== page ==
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What is Information Literacy: Introduction

Information Literacy Defined

Research is a thoroughly individualized process; however, it is important to understand standard approaches in order to begin mastering this skill.  Similar to studying an artistic medium like painting, you must learn basic techniques (line, form, composition, perspective) before expressing yourself creatively through painting on canvas.

At a most basic level, there are six basic standards or "core competencies" where information literate researchers:

  1. Determine the extent of information needed
  2. Access the needed information effectively and efficiently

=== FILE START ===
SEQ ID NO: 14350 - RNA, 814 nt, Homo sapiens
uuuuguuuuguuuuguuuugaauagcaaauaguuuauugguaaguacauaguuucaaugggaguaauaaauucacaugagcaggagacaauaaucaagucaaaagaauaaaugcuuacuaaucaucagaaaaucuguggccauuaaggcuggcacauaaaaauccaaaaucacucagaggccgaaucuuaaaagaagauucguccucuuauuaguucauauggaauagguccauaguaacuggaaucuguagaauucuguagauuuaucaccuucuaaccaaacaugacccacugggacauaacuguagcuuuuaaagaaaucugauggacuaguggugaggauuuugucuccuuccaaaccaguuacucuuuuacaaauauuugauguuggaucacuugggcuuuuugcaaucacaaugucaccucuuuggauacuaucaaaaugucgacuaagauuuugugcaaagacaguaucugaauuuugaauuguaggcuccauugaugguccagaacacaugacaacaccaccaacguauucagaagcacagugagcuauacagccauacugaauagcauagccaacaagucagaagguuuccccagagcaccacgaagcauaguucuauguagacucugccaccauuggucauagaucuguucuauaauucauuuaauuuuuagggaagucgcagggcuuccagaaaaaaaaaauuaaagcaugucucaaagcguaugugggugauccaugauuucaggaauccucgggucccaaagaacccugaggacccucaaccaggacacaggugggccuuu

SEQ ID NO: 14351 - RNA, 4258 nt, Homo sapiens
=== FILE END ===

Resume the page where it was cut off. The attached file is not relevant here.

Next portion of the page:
3. Evaluate information and its sources critically
  4. Incorporate selected information into one’s knowledge base
  5. Use information effectively to accomplish a specific purpose
  6. Understand the economic, legal, and social issues surrounding the use of information, and access and use information ethically and legally

These standards are useful; however, in a creative research environment, they do not effectively interact with the organic nature of creativity. In 2016, a new Framework for Information Literacy for Higher Education was introduced that provides exciting, more conceptually engaging "frames" for researchers.  The goals, known as "threshold concepts," are:    

For more information see:

"Framework for Information Literacy for Higher Education." Association of College & Research Libraries. 2016. www.ala.org/acrl/standards/ilframework

"Information Literacy Competency Standards for Higher Education." Association of College & Research Libraries. 2000.  www.ala.org/acrl/standards/informationliteracycompetency